David Bourget (Western Ontario)
David Chalmers (ANU, NYU)
Rafael De Clercq
Ezio Di Nucci
Jack Alan Reynolds
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European Journal of Philosophy 20 (4):534-547 (2012)
Abstract: This paper argues that instances of what are typically called ‘epistemic irresponsibility’ are better understood as instances of moral or prudenial failure. This hypothesis covers the data and is simpler than postulating a new sui generis form of normativitiy. The irresponsibility alleged is that embeded in charges of ‘You should have known better!’ However, I argue, either there is some interest at stake in knowing or there is not. If there is not, then there is no irresponsibility. If there is, it is either the inquirer's interests—in which case it is a prudential shortcoming—or someone else's interests are at stake—in which case it is a moral shortcoming. In no case, I argue, is there any need to postulate a form of normativity in epistemology other than the traditional epistemological norm that one's attitudes should fit the evidence one has.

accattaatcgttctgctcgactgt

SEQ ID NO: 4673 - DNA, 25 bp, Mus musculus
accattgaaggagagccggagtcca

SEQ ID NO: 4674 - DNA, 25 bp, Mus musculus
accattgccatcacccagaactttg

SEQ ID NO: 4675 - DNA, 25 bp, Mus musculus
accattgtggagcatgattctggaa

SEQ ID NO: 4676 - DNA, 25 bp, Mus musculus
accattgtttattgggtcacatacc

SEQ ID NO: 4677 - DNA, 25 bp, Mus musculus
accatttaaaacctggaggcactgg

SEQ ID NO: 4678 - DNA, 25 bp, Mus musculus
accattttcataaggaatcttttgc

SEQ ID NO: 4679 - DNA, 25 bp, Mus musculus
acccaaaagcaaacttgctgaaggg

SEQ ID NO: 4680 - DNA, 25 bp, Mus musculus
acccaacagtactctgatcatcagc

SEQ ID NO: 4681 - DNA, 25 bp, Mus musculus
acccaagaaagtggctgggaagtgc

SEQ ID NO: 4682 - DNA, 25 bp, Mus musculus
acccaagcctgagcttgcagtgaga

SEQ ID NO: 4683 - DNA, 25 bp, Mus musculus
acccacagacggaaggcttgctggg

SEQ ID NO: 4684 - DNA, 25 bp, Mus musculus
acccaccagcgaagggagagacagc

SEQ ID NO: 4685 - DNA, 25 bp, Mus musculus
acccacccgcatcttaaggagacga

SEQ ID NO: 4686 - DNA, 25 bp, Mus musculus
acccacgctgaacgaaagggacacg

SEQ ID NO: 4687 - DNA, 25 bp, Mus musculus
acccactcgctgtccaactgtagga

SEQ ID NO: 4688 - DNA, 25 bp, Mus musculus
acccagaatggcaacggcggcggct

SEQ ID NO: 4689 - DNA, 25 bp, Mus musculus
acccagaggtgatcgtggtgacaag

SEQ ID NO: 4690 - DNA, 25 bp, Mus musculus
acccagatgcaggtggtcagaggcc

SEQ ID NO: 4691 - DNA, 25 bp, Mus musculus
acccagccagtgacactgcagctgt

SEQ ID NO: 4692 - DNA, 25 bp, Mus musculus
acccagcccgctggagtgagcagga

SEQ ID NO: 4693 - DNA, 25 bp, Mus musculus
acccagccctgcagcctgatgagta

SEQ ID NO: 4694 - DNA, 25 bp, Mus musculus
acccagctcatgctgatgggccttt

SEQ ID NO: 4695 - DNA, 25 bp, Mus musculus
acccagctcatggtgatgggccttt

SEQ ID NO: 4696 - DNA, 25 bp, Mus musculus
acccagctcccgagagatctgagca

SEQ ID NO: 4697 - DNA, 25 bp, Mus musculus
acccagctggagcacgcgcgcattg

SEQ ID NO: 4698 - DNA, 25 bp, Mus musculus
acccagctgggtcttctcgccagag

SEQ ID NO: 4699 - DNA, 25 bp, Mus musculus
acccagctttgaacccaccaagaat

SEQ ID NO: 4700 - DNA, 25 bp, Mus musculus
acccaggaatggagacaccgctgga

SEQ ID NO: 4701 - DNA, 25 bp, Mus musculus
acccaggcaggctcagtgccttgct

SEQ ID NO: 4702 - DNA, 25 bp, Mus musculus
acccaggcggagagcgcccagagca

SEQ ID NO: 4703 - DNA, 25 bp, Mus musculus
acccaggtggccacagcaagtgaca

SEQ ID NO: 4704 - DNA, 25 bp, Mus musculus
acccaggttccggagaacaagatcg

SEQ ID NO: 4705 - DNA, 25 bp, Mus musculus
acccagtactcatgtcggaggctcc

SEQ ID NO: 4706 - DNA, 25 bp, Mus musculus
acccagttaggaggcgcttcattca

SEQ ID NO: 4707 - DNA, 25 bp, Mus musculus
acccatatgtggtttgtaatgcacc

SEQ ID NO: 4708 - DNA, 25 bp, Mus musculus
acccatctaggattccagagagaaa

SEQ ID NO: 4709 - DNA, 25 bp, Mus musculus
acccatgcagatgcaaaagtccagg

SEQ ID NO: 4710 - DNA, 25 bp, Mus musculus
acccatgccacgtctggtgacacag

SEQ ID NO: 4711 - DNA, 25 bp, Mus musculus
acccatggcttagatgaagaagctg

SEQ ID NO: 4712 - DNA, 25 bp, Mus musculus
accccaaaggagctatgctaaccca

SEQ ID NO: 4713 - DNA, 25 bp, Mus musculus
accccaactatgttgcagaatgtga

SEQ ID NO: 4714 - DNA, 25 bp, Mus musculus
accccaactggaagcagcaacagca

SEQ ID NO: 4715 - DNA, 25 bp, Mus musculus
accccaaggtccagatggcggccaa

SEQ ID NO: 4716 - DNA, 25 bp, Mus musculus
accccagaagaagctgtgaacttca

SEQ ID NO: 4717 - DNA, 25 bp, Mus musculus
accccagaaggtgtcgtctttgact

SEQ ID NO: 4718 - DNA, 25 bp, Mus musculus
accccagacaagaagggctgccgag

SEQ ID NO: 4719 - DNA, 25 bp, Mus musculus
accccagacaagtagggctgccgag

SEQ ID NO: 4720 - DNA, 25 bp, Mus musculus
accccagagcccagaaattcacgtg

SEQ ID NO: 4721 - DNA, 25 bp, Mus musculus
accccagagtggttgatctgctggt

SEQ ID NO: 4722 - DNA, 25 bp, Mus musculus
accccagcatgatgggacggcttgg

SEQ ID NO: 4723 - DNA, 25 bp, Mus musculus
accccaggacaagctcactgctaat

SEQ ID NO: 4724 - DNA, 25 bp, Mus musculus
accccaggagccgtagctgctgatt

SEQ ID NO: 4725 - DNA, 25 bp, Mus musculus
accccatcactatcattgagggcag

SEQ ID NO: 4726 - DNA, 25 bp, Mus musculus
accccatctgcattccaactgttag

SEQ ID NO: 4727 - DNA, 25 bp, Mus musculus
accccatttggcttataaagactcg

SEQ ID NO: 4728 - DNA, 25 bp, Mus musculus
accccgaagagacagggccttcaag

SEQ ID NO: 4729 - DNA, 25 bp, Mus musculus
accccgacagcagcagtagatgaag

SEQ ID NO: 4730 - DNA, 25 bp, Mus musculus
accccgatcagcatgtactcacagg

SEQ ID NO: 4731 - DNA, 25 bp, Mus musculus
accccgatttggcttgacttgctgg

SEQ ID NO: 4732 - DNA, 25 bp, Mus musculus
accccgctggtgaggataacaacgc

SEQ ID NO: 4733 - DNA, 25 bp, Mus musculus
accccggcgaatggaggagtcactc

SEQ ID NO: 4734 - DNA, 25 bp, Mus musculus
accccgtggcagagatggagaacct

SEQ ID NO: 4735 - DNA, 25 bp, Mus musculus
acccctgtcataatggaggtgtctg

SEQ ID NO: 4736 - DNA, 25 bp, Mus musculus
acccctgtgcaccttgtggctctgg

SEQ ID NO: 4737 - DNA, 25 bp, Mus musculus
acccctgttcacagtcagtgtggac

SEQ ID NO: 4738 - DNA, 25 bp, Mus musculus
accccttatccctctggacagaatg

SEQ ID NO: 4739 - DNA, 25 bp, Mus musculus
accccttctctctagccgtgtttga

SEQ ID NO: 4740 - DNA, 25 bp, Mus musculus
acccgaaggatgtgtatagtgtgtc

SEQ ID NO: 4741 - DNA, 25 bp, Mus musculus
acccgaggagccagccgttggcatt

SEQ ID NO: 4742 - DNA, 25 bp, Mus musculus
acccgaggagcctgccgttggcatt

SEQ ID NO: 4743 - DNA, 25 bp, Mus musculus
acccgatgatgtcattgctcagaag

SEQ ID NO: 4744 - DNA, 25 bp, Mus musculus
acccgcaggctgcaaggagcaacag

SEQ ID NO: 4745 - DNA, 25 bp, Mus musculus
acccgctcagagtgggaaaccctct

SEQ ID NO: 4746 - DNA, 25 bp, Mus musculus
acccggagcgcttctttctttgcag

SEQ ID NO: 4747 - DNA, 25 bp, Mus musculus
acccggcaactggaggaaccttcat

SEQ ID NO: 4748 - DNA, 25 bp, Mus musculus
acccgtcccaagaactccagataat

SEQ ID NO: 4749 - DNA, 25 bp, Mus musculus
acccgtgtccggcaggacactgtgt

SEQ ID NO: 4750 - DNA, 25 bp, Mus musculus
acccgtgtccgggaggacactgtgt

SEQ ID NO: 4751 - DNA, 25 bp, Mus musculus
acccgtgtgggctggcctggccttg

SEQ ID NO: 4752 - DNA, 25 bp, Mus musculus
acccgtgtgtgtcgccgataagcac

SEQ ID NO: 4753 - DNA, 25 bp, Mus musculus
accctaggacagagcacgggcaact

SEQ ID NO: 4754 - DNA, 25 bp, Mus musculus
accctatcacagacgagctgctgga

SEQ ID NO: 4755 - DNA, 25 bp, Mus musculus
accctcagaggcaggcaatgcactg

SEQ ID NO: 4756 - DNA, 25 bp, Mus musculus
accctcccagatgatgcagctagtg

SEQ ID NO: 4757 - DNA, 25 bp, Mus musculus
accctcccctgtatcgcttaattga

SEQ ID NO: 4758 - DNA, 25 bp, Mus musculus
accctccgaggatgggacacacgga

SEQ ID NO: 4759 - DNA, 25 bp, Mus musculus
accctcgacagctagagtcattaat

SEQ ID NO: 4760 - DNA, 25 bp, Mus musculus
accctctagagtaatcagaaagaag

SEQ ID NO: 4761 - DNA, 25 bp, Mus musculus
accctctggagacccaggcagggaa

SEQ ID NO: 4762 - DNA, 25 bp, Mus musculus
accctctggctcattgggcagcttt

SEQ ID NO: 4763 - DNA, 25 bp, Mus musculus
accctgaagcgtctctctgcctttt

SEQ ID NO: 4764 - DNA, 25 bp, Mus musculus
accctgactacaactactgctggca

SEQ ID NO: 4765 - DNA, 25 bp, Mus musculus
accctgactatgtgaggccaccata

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References found in this work BETA
Aristotle (2012). Nicomachean Ethics. Courier Dover Publications.
Linda Zagzebski (1996). Virtues of the Mind: An Inquiry Into the Nature of Virtue and the Ethical Foundations of Knowledge. Cambridge University Press.
David Christensen (2007). Epistemology of Disagreement: The Good News. Philosophical Review 116 (2):187-217.
Earl Conee & Richard Feldman (2004). Evidentialism. Oxford University Press.
Gilbert Harman (1973). Thought. Princeton University Press.
Citations of this work BETA
Lisa Bortolotti & Kengo Miyazono (2016). The Ethics of Delusional Belief. Erkenntnis 81 (2):275-296.
Sanford C. Goldberg (forthcoming). Should Have Known. Synthese:1-32.
Trent Dougherty & Chris Tweedt (2015). Religious Epistemology. Philosophy Compass 10 (8):547-559.
Scott Stapleford (2015). Epistemic Versus All Things Considered Requirements. Synthese 192 (6):1861-1881.
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